Stan Lee, Marvel Comics Icon and Real-World Superhero, Dies at 95
The man behind characters like Iron Man, Thor, and Black Panther has left us.
Stan Lee's name and co-creations have appeared in over 2 billion comicbooks and in countless languages across his almost eight decades in the business. That's gotta be a world record or something, right? #NationalComicBookDay pic.twitter.com/RgWqfNEXwI
— Stan Lee (@TheRealStanLee) September 25, 2018
The Bronx-born Lee began his career in 1939 as an interim editor at Timely Comics. Through his collaborations with the likes of Jack Kirby and Steve Ditko, he turned Timely into Marvel Comics and wove stories around a laundry list of characters who soon became household names.
There will never be another Stan Lee. For decades he provided both young and old with adventure, escape, comfort, confidence, inspiration, strength, friendship and joy. He exuded love and kindness and will leave an indelible mark on so, so, so many lives. Excelsior!!
— Chris Evans (@ChrisEvans) November 12, 2018
Those characters—Iron Man, Hulk, Spider-Man and many, many others—would come together to form The Avengers, the group at the center of the Marvel Cinematic Universe that’s been shattering box office records for the past twenty years or so. While Lee stopped writing comics decades before the debut of 2008’s Iron Man, he assumed the role of Marvel’s most visible ambassador and his often funny cameos in each of the MCU films became familiar Easter eggs.
Damn… RIP Stan. Thanks for everything. pic.twitter.com/TMAaDJSOhh
— Ryan Reynolds (@VancityReynolds) November 12, 2018
I had the good fortune to actually sit down and talk with Stan a few years ago. He was in his late 80s at the time and still on top of his game, wise-cracking and whip-smart. The interview was supposed to be about the Spider-Man video game du jour but our conversation veered way off track.
I was visibly nervous at meeting my idol, yet he put me at ease. He made jokes. He complimented my interview skills. He told me he liked Twitter but thought the word ‘tweet’ was wimpy and he raised his voice an octave to emphasize the point. We talked about the NYC of Lee’s pre-WWII youth vs new NYC. I was mesmerized by this famous octogenarian who didn’t just take the time to speak with me but to really connect with someone so thoroughly his junior in age and accomplishment.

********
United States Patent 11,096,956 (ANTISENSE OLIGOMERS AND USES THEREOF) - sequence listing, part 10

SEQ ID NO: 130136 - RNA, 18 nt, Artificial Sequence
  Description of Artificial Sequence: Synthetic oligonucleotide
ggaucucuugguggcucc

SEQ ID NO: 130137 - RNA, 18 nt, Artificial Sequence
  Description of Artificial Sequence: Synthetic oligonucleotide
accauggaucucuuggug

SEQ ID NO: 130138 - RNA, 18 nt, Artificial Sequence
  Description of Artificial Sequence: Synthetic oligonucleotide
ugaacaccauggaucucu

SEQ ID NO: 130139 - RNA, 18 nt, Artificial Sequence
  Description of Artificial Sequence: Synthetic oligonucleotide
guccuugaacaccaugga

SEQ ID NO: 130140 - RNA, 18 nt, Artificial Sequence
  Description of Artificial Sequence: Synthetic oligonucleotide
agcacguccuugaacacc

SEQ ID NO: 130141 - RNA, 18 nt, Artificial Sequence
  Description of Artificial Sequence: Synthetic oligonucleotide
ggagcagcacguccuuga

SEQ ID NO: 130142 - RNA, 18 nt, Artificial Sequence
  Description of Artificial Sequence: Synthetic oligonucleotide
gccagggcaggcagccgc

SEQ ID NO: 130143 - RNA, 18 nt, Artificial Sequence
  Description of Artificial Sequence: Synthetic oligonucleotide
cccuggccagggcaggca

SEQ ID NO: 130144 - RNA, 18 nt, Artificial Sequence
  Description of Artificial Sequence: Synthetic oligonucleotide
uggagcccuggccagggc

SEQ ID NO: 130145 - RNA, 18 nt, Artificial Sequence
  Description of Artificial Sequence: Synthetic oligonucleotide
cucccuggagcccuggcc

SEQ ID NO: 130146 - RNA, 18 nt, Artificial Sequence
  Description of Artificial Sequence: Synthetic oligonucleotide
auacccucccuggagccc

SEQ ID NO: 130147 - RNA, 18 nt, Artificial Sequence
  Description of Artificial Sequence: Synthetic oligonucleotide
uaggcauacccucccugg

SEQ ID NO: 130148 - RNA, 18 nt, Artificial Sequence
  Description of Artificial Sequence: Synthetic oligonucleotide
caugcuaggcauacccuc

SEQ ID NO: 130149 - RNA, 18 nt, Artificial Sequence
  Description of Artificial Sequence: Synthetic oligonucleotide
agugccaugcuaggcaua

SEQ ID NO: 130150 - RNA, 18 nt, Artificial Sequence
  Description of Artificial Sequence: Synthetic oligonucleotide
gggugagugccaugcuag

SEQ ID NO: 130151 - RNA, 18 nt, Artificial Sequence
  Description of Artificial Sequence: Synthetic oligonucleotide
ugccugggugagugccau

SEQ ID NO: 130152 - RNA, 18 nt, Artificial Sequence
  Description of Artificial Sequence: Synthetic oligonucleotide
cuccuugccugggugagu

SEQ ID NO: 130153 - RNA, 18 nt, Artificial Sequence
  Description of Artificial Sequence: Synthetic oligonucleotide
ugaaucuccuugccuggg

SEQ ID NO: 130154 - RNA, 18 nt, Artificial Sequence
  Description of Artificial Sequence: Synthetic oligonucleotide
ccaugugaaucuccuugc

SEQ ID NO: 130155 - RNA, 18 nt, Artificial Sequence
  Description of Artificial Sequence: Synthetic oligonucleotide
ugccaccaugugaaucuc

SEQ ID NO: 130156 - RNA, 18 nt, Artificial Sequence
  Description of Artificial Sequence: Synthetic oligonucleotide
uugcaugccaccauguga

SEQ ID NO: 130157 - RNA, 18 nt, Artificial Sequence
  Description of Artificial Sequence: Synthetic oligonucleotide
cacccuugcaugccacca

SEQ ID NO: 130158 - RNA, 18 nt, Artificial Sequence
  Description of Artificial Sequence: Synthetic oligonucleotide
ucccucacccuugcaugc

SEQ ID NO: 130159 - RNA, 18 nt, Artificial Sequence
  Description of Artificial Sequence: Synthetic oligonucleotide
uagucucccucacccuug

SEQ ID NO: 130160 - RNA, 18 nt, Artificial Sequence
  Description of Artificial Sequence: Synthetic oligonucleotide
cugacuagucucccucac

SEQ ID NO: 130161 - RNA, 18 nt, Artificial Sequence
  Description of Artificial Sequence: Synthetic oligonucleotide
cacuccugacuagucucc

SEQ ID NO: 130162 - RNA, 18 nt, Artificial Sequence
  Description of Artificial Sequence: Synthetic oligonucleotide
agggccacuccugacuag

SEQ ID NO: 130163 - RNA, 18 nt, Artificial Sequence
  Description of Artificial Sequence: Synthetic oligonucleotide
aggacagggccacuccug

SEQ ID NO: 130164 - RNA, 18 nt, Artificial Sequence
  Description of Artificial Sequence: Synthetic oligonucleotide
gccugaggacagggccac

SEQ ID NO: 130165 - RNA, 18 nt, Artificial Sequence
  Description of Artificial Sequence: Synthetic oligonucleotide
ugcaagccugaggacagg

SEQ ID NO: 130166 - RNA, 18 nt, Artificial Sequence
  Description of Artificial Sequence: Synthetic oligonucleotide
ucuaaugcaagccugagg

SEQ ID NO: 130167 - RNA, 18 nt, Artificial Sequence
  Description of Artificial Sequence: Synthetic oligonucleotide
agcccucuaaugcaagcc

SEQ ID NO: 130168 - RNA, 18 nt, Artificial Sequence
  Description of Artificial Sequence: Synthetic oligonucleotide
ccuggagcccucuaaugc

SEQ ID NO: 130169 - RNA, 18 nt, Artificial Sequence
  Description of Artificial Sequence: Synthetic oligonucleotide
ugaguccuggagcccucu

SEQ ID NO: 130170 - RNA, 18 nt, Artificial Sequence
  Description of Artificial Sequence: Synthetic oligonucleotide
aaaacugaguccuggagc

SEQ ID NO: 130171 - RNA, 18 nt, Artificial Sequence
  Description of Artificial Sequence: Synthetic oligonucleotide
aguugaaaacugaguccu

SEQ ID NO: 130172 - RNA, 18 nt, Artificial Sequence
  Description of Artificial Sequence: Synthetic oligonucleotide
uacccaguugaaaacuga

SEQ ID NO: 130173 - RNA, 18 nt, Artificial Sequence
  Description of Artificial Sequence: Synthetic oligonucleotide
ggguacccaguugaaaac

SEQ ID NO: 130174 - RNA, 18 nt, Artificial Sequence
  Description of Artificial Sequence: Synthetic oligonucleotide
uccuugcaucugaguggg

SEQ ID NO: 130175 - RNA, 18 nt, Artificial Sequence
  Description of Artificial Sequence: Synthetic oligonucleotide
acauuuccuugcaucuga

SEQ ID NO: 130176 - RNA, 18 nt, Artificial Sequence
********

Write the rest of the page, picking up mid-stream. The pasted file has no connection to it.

— Stan Lee (@TheRealStanLee) November 2, 2018
Stories like mine are not unusual—fans knew Stan Lee as a humble and gracious man. His daughter J.C. said to TMZ after his passing that her “father loved all his fans. He was the greatest, most decent man.” Based on my own experience, I couldn’t agree more.
Rest in peace, Stan Lee. The many worlds of imagination & delight you created for humanity will last forever.
— Elon Musk (@elonmusk) November 12, 2018
Thank you Stan Lee for making people who feel different realize they are special.
— Seth Rogen (@Sethrogen) November 12, 2018
Goodbye Stan Lee, thank you for decades of entertainment. 🦸🏼♂️ pic.twitter.com/9pRZIVtXJ2
— Tony Hawk (@tonyhawk) November 12, 2018
The last question I asked Stan in our interview was what superpower he’d want for himself. His answer was “Luck.”
I don’t know if he had the power of luck or not. For a guy who lived to 95, who found amazing success along the way, and who will go into the history books as a beloved icon and a cultural legend, I do know that the world was lucky to have Stan Lee in it.